The riddle of Franck Ribéry

He is a curious character: divisive, unpopular with some and fiery. But he is a brilliant talent who could decide tonight's final

There will be two Franks in the European Cup final. One is urbane, intelligent, one of the tiny number of public schoolboys to have made it in the modern game and certainly the only member on either side to have a qualification in Latin.

Outwardly at least, Frank Lampard has had a comfortable life. Nobody ever called Franck Ribéry comfortable, not in his personality, not in his upbringing and certainly not in his looks.

He was two years old when, sitting in the back seat of his father's car, he was propelled through the windscreen as François Ribéry slammed on the brakes to avoid a head-on collision.

It says something that Ribéry has never been tempted to have plastic surgery on the long scar down the side of his face. Curiously, Carlos Tevez felt much the same about his own scars, inflicted by a pan of boiling water falling on him as a baby. He said they were a part of him and to Ribéry they acted as a kind of motivation.

There is another similarity; they are both divisive characters. Not very long ago, one of Tevez's former team-mates, a man with a reputation for seeing the best in everybody, was interviewed about the Argentine. He said all the right things about Tevez's skill and personality and then, once the tape recorder was shut off, he leaned forward and said: "Now let me tell you what I really think of Carlos Tevez."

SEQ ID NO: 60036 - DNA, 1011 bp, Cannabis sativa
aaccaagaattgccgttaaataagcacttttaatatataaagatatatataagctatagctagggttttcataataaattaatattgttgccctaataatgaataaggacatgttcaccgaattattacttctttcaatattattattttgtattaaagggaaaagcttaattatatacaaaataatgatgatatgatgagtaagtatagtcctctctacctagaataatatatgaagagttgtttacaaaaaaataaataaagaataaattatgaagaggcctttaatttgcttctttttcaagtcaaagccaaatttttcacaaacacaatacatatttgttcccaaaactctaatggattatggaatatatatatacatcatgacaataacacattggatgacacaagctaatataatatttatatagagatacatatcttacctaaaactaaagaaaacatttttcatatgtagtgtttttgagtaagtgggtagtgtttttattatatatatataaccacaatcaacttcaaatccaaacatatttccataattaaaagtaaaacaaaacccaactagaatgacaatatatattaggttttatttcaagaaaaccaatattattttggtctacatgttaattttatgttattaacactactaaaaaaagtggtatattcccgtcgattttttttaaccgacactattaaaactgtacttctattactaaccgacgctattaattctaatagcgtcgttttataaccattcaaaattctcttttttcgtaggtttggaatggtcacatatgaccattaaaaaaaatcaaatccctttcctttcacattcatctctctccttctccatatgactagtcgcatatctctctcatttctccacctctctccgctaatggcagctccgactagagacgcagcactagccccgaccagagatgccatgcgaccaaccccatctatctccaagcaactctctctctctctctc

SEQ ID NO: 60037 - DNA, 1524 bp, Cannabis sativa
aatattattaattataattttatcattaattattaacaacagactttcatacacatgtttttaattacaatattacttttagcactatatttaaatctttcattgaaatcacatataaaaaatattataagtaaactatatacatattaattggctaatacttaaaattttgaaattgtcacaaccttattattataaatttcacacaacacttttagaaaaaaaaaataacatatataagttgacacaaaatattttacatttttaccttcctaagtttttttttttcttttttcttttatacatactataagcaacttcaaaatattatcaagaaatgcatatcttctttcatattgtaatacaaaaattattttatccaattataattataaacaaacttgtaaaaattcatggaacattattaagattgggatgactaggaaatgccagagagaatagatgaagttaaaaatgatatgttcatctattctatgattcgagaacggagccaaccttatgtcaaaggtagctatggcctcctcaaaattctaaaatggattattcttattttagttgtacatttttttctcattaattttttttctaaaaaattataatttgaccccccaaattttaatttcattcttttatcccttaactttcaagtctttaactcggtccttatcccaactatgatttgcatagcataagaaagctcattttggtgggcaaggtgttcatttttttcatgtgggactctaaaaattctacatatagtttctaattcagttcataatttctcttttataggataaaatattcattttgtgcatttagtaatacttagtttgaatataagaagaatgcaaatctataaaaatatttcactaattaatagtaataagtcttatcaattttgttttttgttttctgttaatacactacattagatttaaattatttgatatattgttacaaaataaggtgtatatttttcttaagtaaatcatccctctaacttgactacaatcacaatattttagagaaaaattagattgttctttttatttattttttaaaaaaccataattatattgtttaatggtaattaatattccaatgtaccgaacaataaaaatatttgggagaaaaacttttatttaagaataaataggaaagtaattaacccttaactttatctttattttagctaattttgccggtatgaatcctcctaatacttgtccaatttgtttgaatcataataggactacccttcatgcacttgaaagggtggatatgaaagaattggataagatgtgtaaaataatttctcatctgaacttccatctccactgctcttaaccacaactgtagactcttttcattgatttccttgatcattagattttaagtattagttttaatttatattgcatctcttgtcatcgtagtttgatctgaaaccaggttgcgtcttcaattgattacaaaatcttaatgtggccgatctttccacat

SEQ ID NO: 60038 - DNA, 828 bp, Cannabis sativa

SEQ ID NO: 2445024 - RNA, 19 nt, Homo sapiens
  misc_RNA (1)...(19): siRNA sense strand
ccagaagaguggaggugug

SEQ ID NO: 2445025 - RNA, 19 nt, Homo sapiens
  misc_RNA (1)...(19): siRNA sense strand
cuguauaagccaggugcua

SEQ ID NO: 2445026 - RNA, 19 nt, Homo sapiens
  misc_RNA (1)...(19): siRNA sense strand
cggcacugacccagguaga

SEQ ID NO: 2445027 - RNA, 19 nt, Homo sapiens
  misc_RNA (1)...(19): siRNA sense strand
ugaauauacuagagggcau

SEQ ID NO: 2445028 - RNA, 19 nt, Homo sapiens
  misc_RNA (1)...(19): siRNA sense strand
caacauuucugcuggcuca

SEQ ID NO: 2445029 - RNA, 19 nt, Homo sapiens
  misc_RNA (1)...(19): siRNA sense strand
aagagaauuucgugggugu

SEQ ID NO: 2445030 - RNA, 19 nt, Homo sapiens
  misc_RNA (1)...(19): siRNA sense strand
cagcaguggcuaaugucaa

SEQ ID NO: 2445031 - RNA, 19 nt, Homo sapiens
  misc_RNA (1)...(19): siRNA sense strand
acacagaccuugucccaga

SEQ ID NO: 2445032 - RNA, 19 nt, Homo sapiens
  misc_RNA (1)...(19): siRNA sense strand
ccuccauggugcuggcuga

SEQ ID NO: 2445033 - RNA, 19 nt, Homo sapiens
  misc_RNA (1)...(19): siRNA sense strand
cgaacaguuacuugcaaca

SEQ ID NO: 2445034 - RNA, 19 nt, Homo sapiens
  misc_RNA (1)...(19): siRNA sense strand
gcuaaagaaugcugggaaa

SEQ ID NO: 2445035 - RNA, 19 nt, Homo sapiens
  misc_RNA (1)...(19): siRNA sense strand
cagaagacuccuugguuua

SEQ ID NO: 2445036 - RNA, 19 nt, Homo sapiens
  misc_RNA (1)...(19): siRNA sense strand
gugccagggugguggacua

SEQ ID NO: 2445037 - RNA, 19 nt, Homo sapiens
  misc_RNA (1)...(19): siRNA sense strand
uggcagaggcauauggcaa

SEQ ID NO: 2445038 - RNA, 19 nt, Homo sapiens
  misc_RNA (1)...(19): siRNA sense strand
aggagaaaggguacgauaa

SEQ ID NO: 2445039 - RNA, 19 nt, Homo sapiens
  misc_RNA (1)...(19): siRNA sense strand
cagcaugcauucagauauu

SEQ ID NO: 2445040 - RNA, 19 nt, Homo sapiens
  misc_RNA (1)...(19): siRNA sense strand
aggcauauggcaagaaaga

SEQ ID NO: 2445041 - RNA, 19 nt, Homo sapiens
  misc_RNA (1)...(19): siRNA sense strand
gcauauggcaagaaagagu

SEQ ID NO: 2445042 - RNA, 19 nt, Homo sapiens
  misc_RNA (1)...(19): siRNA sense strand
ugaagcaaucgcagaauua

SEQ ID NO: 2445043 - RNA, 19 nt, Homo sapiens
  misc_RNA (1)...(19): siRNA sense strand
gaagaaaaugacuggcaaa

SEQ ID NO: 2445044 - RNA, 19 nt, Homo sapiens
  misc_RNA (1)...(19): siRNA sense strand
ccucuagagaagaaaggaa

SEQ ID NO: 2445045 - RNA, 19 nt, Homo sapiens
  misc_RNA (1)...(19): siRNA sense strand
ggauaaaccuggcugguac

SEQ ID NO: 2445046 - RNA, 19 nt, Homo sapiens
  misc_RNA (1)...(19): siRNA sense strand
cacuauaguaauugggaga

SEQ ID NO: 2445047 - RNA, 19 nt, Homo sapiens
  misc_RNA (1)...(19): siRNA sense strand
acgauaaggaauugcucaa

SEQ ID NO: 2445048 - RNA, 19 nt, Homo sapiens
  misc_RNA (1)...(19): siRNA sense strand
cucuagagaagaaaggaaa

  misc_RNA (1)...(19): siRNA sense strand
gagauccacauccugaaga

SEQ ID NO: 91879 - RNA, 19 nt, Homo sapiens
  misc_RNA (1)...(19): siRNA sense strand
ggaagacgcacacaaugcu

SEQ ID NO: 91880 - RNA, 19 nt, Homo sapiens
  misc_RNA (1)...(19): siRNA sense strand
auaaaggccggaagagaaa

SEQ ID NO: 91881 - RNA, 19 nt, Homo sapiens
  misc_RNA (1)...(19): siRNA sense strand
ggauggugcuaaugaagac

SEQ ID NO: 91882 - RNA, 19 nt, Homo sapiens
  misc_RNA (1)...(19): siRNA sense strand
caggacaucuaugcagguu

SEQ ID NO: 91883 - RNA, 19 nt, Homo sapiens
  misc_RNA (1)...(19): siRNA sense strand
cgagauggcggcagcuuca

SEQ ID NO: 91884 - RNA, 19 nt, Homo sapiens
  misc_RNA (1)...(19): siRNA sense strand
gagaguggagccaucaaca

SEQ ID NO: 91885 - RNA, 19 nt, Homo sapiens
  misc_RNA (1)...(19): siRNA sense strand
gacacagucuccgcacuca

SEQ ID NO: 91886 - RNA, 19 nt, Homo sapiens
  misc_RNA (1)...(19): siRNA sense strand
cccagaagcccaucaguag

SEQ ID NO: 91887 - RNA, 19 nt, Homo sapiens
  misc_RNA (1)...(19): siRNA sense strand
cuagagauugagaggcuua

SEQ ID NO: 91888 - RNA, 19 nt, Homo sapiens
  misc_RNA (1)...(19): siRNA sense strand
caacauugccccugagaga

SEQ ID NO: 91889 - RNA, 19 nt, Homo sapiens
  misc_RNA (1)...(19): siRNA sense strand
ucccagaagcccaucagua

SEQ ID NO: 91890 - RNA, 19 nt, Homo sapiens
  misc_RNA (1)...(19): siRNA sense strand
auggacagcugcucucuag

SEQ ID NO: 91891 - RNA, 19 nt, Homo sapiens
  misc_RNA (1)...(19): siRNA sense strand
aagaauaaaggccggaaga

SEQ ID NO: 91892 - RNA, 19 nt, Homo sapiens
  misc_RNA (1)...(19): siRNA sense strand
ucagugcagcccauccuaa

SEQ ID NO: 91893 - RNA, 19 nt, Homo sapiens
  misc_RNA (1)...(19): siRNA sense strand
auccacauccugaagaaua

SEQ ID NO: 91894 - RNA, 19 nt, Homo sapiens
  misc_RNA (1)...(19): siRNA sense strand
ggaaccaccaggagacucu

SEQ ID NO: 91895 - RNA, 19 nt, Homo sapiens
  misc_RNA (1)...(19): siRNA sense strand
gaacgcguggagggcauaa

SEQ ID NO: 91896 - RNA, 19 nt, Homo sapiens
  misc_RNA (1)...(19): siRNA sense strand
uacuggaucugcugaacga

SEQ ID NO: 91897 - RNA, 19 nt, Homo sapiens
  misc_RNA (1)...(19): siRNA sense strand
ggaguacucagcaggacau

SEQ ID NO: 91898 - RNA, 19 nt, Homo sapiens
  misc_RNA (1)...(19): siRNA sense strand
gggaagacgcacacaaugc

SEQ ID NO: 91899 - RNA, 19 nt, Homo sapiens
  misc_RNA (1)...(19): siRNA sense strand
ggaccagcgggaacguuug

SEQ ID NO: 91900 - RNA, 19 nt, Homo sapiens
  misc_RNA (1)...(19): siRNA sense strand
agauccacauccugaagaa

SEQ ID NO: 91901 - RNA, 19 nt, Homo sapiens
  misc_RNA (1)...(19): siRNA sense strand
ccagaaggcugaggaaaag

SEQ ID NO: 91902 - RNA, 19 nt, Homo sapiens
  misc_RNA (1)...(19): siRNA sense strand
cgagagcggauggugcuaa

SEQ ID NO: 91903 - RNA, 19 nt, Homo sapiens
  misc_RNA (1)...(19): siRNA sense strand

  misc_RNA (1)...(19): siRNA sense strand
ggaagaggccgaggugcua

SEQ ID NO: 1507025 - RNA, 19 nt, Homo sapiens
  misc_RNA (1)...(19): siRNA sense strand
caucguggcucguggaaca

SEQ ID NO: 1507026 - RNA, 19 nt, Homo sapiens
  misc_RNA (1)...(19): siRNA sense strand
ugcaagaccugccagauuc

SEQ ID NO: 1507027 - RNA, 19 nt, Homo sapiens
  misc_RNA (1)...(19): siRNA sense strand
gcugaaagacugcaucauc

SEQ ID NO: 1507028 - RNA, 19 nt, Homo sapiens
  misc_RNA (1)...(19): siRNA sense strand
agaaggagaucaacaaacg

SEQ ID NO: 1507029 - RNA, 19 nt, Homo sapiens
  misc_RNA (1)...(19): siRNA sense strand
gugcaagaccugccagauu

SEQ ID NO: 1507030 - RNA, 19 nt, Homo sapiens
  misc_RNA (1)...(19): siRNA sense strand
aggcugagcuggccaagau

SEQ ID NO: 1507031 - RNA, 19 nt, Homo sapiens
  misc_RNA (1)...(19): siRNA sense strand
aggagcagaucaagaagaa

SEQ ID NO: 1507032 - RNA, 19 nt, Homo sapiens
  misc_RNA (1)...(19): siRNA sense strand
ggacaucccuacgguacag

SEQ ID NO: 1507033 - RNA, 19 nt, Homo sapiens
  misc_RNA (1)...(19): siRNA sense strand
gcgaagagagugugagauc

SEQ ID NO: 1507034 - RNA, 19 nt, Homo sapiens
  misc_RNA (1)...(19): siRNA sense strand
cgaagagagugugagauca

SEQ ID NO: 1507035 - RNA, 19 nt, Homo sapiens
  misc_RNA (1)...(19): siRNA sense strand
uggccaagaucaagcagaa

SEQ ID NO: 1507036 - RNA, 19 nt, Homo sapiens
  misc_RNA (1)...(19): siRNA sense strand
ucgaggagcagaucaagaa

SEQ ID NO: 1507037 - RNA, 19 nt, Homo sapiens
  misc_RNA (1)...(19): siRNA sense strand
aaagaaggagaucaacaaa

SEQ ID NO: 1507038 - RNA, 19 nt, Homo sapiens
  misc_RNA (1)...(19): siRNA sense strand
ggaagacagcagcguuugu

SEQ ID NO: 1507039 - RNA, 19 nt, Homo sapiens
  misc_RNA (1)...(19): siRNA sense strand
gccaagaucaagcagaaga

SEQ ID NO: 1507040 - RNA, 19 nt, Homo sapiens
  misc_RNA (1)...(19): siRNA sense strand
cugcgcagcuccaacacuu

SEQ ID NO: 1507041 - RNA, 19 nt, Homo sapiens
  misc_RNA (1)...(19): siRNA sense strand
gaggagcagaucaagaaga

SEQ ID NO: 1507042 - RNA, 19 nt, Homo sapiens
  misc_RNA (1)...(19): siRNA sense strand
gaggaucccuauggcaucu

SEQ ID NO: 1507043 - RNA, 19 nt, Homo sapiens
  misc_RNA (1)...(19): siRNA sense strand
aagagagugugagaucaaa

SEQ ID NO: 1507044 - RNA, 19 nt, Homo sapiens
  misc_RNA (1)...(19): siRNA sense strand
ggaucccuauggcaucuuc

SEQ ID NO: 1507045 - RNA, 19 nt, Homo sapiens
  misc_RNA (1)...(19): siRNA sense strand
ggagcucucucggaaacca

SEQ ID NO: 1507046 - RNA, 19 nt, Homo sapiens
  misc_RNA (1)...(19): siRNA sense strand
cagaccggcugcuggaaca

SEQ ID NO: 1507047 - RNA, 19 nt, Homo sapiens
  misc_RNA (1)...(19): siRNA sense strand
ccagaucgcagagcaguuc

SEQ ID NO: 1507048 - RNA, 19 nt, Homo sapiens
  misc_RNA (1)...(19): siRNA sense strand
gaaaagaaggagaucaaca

It would have been interesting to have been alone with Arjen Robben and asked a similar question about Ribéry. Amid the shattering intensity of Bayern Munich's semi-final with Real Madrid, Robben told Ribéry that Toni Kroos should take a free-kick. Ribéry objected, argued violently with the Dutchman as they came off and then reportedly punched him in the face in the dressing room.

It was a clash between two alpha males. When Ribéry came to Munich from Marseilles in 2007, he arrived as the unquestioned star. To Franz Beckenbauer, the club president, it was akin to "winning the lottery".

However, Robben's arrival from Madrid in 2009 slowly saw Ribéry's eclipse. They are both wingers, both thrillingly brilliant but, like Mick Jagger and Keith Richards, they are a double act who have had periods where they loathe each other. Ribéry is more like Richards, who hung around with the rest of the Rolling Stones, while Jagger was fawning over Princess Margaret in Mustique.

Robben is not a team man. As Bayern's lead in the Bundesliga evaporated this season under relentless pressure from Borussia Dortmund, he found himself on the bench, accused by Beckenbauer of being "an egoist". When he scored, he would go over to his family in the directors' box rather than celebrate with his team.

Ribéry is more at home in the dressing room, where he has been known to cut off the ends of Daniel van Buyten's socks while the defender is in the showers and once volunteered to drive, and predictably crashed, the Bayern Munich team bus when on tour in the Gulf. And yet tonight in the confines of their own stadium, Robben and Ribéry, men who each know what it is like to lose a World Cup final, will have to combine like never before. The pressure on them is intense and Jupp Heynckes' defence has been ruined by suspensions every bit as much as Chelsea's.